After presenting two highly successful seasons of Educating Rita last year, IpSkip Productions are about to open their second production, Robert Harling’s Steel Magnolias for a strictly limited season at The Bakehouse this week.
People will probably know the story set in a Southern American beauty salon from its famous 1989 film adaptation starring Sally Field, Dolly Parton, Shirley MacLaine, Daryl Hannah, Olypia Dukakis and Julia Roberts. The upcoming Adelaide production is directed by IpSkip’s founder, Nathan Quadrio and features a line up of great Adelaide community theatre actors: Lisa Simonetti (Beauty and the Beast, Flower Children), Rose Vallen (The Producers, Pippin), Cate Rogers (Death of A Salesman, Holy Day), Julie Quick (All My Sons, Who’s Afraid of Virginia Woolf), Georgia Broomhall (Fame, Catch Me If You Can) and Casmira Hambledon (Violet, Les Miserable and the upcoming Monty Python’s Spamalot).
Glam Adelaide managed to catch up with Cate Rogers to chat about the play and various aspects of the production.
B.G.: Hi Cate. Firstly, could you tell us a little about yourself? In particular, your acting experience.
C.R.: I have been kicking around amateur theatre since school and uni. I have had a lovely long association with the University of Adelaide Theatre Guild with more recent roles including Nora Ryan in ”Holy Day”, Nurse in “Romeo and Juliet” and Lorna James in “The Effect”. Last year I also had the pleasure of acting with Therry as Linda in “Death of a Salesman”.
B.G.: How would you describe your character and her relationship to the story and the other characters?
C.R.: The action all takes place in a home hairdressing salon in the American South in the late 80s/early 90s. My character is M’Lynn Eatenton – all the characters have fabulous names!. She is mother to Shelby, a headstrong and upfront young woman whose journey really drives the narrative. Shelby has health issues that make M’Lynn very protective of her but Shelby refuses to be cossetted and demands to live life on her own terms. Shelby is full-throttle and while M’Lynn would probably like to think as herself as more restrained she’s actually not backward in coming forward with her opinions on Shelby’s choices so they spark off each other a fair bit even though they love each other fiercely.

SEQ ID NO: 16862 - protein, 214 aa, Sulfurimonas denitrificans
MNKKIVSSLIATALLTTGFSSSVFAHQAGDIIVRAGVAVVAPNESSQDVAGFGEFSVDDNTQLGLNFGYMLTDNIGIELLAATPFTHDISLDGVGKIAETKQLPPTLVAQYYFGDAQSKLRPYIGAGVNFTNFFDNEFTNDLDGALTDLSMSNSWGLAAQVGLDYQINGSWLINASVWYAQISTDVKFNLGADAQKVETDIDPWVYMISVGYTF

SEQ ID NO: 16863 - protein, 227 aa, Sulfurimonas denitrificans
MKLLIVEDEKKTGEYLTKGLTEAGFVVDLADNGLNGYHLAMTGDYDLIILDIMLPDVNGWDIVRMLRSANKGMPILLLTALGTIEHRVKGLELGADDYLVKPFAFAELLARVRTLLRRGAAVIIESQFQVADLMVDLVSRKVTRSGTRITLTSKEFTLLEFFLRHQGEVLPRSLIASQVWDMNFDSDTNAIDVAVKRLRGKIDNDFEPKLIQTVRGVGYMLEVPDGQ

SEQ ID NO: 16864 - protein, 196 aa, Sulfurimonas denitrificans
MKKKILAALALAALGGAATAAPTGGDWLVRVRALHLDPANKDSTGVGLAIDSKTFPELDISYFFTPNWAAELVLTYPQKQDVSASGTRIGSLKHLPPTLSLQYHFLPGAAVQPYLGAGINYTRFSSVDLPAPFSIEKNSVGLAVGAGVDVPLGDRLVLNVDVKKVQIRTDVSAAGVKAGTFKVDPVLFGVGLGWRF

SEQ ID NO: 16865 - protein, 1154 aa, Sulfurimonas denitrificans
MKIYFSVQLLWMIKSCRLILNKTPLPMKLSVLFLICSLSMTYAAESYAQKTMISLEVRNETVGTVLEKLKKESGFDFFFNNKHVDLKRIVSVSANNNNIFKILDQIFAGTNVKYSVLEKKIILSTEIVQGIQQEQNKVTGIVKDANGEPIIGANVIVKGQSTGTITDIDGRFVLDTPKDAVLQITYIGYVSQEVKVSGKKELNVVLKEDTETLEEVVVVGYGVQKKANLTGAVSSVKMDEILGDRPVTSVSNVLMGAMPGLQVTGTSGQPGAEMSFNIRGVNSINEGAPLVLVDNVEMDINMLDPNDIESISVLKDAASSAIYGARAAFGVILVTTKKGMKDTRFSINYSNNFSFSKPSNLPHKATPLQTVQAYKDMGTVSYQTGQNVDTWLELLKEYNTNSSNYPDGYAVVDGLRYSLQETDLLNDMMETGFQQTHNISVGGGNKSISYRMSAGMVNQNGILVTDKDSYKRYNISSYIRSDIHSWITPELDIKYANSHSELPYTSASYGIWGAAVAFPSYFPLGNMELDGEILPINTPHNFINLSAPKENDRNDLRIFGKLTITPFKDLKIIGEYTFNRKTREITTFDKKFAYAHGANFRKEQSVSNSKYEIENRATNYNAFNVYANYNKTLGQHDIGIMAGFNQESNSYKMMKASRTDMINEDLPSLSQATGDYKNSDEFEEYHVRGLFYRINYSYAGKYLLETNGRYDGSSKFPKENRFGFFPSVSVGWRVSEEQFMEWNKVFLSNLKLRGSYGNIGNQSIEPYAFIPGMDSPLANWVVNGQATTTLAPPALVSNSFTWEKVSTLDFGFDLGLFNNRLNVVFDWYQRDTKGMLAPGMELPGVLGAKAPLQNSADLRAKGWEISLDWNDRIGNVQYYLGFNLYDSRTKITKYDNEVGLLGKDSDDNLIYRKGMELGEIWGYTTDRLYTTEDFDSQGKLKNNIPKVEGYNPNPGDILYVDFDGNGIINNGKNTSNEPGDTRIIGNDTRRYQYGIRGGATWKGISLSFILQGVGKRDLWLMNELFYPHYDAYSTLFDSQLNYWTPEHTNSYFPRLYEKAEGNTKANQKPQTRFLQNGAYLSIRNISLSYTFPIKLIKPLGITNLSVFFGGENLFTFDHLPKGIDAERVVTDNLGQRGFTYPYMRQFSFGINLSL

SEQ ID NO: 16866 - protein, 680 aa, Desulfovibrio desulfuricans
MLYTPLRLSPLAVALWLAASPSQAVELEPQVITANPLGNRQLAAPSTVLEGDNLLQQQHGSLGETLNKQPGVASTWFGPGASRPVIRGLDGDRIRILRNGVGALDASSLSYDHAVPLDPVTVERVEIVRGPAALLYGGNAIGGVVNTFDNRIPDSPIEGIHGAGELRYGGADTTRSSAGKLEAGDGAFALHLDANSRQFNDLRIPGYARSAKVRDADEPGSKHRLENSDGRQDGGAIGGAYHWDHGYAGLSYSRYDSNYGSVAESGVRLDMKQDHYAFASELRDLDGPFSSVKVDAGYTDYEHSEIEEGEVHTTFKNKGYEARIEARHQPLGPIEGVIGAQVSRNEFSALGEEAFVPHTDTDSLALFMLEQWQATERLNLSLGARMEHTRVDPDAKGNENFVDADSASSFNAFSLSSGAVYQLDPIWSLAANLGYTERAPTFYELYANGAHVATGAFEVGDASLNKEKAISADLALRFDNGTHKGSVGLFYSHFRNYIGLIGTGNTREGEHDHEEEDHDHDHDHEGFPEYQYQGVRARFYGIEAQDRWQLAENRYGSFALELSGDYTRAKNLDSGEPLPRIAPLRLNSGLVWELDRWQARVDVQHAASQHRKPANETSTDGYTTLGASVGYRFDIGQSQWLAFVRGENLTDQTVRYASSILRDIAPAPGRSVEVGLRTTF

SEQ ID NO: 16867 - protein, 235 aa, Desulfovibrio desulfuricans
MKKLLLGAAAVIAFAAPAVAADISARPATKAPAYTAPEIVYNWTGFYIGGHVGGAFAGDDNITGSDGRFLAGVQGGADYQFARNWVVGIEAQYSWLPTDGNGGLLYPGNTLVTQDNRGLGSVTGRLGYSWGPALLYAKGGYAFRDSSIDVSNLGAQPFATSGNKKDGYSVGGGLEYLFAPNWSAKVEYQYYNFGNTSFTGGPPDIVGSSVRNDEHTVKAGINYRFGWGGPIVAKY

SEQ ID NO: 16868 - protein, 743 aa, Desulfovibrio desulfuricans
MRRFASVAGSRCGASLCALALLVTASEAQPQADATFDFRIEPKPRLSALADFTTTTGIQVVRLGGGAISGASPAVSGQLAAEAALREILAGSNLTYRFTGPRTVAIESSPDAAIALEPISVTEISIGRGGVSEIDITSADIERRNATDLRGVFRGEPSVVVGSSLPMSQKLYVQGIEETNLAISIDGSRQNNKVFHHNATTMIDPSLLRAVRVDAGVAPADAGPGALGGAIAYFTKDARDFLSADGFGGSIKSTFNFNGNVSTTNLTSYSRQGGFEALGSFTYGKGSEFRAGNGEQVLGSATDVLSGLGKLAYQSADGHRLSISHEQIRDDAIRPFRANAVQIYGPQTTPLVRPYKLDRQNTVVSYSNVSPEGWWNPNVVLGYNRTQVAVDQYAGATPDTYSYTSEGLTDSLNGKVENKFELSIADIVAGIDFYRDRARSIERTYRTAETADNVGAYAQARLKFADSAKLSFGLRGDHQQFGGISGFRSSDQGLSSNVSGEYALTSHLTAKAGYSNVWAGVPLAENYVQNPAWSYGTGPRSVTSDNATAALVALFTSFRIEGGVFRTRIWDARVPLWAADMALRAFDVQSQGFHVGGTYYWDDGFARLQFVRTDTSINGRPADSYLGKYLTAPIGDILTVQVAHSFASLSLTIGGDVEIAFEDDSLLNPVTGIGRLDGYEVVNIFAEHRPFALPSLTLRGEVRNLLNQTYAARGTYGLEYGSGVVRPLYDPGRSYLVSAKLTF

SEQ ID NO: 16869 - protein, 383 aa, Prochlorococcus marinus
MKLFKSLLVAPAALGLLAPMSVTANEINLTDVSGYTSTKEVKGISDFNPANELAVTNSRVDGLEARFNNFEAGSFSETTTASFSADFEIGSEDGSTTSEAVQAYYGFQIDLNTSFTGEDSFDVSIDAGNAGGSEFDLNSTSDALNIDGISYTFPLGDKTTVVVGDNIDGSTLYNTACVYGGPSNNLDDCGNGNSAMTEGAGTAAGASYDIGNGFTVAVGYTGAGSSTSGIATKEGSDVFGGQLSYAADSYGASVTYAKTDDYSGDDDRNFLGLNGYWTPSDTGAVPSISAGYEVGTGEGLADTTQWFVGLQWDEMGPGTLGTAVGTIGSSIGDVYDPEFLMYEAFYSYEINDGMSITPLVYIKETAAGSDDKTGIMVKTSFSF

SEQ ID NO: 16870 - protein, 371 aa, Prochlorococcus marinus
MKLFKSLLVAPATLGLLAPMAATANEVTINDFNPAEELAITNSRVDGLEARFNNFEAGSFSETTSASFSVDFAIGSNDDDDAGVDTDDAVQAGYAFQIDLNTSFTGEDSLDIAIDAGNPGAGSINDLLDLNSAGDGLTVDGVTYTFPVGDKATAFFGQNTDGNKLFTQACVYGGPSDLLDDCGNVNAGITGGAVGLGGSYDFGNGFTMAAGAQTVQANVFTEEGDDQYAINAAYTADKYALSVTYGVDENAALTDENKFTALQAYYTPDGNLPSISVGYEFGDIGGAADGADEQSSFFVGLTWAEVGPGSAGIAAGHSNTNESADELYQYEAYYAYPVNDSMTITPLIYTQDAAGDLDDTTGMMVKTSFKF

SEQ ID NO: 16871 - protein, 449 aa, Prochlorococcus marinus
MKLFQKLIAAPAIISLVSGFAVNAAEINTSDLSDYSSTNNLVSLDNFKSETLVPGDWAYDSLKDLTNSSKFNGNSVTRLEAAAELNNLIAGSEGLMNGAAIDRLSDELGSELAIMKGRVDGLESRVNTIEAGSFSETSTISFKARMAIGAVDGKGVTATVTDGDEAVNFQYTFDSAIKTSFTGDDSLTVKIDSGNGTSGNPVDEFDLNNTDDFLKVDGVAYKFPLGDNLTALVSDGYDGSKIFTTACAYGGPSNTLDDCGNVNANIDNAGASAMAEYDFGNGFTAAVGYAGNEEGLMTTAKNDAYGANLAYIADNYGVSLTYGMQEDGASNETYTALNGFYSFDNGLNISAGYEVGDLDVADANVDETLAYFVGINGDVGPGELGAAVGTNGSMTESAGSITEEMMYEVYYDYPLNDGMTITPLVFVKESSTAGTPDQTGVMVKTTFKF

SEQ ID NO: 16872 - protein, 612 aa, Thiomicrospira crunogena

M’Lynn is long-term friends with all other older women in the play, they’ve been supporting each other through the highs and lows of life for many years. The other youngster of the piece is Annelle, new in town at the beginning of the play but she too finds her place amongst the women as the play progresses.
B.G.: What attracted you to the role of M’Lynn?
C.R.: The fruity Southern dialogue for sure! The bonds of love and friendship between the women. The challenging dynamic between Shelby and M’Lynn and the issues they face together. The fun opportunity of being an old am-dram slapper getting to work with a company of fresh-faced young’uns like IpSkip!
B.G.: Tell us about working with the rest of the cast and being directed by Nathan
C.R.: The cast are a top bunch of gals, all very positive, talented and giving. I had already seen great work from Julie Quick (Clairee) and Rose Vallen (Ouiser) so was delighted to be working with them. Casmira Hambledon (Shelby), Lisa Simonetti (Truvy) and Georgia Broomhall (Annelle) share bonds from musical theatre, an Adelaide world I’m a bit tangential to – I’m no triple threat! – so they were all new to me and now I’m wishing I’d seen more local musicals to see them in action. It’s been a joy to see them all putting their individual stamp on the very strong, idiosyncratic characters Robert Harling has written.
Our tyro young leader Nathan is clearly not intimidated directing people more than twice his age and that’s a good thing. We’ve always had a crisp, clear idea of what he wants from each character. The rehearsal room has been a nice mix of informality and getting down to business.
Credit must also go to Hannah Tulip our stage manager. She and Nathan are hard-working close collaborators and we feel very supported by them both.
B.G.: Is there anything that you would like to add?
C.R.: Just that many people will know “Steel Magnolias” as the famous Hollywood movie that has endured as a favourite for nearly thirty years. I think our show is a great opportunity to come and experience the original play from which the movie sprang, and re-visit some quite iconic characters in a fresh way. And if someone hasn’t seen the movie then they’re in for a completely new treat, a warm and lively piece with its fair share of dramatic twists.
Steel Magnolias opens this coming Wednesday, 10 Jan 8pm at The Bakehouse Theatre, and then Thurs 11 Jan, Fri 12 Jan and Sat 13 Jan all at 8pm, with a 2pm matinee on the Saturday. Tickets are $18. Bookings can be made by clicking here.
Interview by Brian Godfrey